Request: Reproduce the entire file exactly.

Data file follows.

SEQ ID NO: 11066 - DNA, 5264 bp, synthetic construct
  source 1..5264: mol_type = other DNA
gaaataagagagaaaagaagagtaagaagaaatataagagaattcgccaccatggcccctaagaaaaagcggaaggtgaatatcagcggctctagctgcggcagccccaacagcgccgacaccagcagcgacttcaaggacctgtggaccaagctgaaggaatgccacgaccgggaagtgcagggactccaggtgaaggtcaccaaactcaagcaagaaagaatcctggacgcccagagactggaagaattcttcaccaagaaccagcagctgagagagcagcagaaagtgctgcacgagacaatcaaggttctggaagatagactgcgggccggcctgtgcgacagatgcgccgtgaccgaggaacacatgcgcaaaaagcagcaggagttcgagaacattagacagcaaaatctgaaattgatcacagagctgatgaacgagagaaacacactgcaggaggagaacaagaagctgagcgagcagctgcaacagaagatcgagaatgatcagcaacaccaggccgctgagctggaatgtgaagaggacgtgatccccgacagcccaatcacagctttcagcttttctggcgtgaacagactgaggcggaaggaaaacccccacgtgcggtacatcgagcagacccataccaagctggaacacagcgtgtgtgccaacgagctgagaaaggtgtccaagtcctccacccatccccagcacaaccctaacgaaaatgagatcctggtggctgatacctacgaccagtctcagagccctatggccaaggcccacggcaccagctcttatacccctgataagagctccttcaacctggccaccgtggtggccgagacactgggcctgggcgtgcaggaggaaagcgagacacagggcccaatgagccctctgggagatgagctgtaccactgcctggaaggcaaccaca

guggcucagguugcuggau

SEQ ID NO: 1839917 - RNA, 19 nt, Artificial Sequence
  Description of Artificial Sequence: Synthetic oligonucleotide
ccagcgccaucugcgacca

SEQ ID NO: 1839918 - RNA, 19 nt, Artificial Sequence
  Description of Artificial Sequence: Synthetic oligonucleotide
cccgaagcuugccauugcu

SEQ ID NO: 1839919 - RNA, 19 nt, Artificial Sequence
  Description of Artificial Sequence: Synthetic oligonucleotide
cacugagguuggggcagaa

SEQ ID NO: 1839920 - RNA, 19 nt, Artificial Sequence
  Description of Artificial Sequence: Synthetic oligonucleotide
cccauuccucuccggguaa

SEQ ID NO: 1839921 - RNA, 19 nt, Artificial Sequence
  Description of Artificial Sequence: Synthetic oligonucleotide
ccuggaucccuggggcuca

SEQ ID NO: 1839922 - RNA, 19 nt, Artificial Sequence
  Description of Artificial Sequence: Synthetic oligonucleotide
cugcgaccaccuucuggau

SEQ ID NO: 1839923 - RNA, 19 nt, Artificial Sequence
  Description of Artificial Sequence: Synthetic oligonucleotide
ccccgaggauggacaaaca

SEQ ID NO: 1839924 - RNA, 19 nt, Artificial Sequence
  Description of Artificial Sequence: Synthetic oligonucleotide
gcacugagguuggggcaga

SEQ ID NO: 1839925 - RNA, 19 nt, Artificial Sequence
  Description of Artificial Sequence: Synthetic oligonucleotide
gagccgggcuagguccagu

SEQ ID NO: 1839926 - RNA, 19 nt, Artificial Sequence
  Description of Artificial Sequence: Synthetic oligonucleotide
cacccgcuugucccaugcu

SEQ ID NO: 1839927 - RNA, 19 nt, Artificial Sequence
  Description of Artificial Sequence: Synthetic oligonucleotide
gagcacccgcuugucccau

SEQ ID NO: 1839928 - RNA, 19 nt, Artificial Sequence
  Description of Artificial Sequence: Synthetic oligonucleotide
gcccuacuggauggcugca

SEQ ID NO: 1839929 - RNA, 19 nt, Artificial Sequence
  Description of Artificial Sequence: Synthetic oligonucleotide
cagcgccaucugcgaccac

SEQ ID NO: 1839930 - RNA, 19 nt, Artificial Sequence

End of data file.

SEQ ID NO: 11066 - DNA, 5264 bp, synthetic construct
  source 1..5264: mol_type = other DNA
gaaataagagagaaaagaagagtaagaagaaatataagagaattcgccaccatggcccctaagaaaaagcggaaggtgaatatcagcggctctagctgcggcagccccaacagcgccgacaccagcagcgacttcaaggacctgtggaccaagctgaaggaatgccacgaccgggaagtgcagggactccaggtgaaggtcaccaaactcaagcaagaaagaatcctggacgcccagagactggaagaattcttcaccaagaaccagcagctgagagagcagcagaaagtgctgcacgagacaatcaaggttctggaagatagactgcgggccggcctgtgcgacagatgcgccgtgaccgaggaacacatgcgcaaaaagcagcaggagttcgagaacattagacagcaaaatctgaaattgatcacagagctgatgaacgagagaaacacactgcaggaggagaacaagaagctgagcgagcagctgcaacagaagatcgagaatgatcagcaacaccaggccgctgagctggaatgtgaagaggacgtgatccccgacagcccaatcacagctttcagcttttctggcgtgaacagactgaggcggaaggaaaacccccacgtgcggtacatcgagcagacccataccaagctggaacacagcgtgtgtgccaacgagctgagaaaggtgtccaagtcctccacccatccccagcacaaccctaacgaaaatgagatcctggtggctgatacctacgaccagtctcagagccctatggccaaggcccacggcaccagctcttatacccctgataagagctccttcaacctggccaccgtggtggccgagacactgggcctgggcgtgcaggaggaaagcgagacacagggcccaatgagccctctgggagatgagctgtaccactgcctggaaggcaaccaca

guggcucagguugcuggau

SEQ ID NO: 1839917 - RNA, 19 nt, Artificial Sequence
  Description of Artificial Sequence: Synthetic oligonucleotide
ccagcgccaucugcgacca

SEQ ID NO: 1839918 - RNA, 19 nt, Artificial Sequence
  Description of Artificial Sequence: Synthetic oligonucleotide
cccgaagcuugccauugcu

SEQ ID NO: 1839919 - RNA, 19 nt, Artificial Sequence
  Description of Artificial Sequence: Synthetic oligonucleotide
cacugagguuggggcagaa

SEQ ID NO: 1839920 - RNA, 19 nt, Artificial Sequence
  Description of Artificial Sequence: Synthetic oligonucleotide
cccauuccucuccggguaa

SEQ ID NO: 1839921 - RNA, 19 nt, Artificial Sequence
  Description of Artificial Sequence: Synthetic oligonucleotide
ccuggaucccuggggcuca

SEQ ID NO: 1839922 - RNA, 19 nt, Artificial Sequence
  Description of Artificial Sequence: Synthetic oligonucleotide
cugcgaccaccuucuggau

SEQ ID NO: 1839923 - RNA, 19 nt, Artificial Sequence
  Description of Artificial Sequence: Synthetic oligonucleotide
ccccgaggauggacaaaca

SEQ ID NO: 1839924 - RNA, 19 nt, Artificial Sequence
  Description of Artificial Sequence: Synthetic oligonucleotide
gcacugagguuggggcaga

SEQ ID NO: 1839925 - RNA, 19 nt, Artificial Sequence
  Description of Artificial Sequence: Synthetic oligonucleotide
gagccgggcuagguccagu

SEQ ID NO: 1839926 - RNA, 19 nt, Artificial Sequence
  Description of Artificial Sequence: Synthetic oligonucleotide
cacccgcuugucccaugcu

SEQ ID NO: 1839927 - RNA, 19 nt, Artificial Sequence
  Description of Artificial Sequence: Synthetic oligonucleotide
gagcacccgcuugucccau

SEQ ID NO: 1839928 - RNA, 19 nt, Artificial Sequence
  Description of Artificial Sequence: Synthetic oligonucleotide
gcccuacuggauggcugca

SEQ ID NO: 1839929 - RNA, 19 nt, Artificial Sequence
  Description of Artificial Sequence: Synthetic oligonucleotide
cagcgccaucugcgaccac

SEQ ID NO: 1839930 - RNA, 19 nt, Artificial Sequence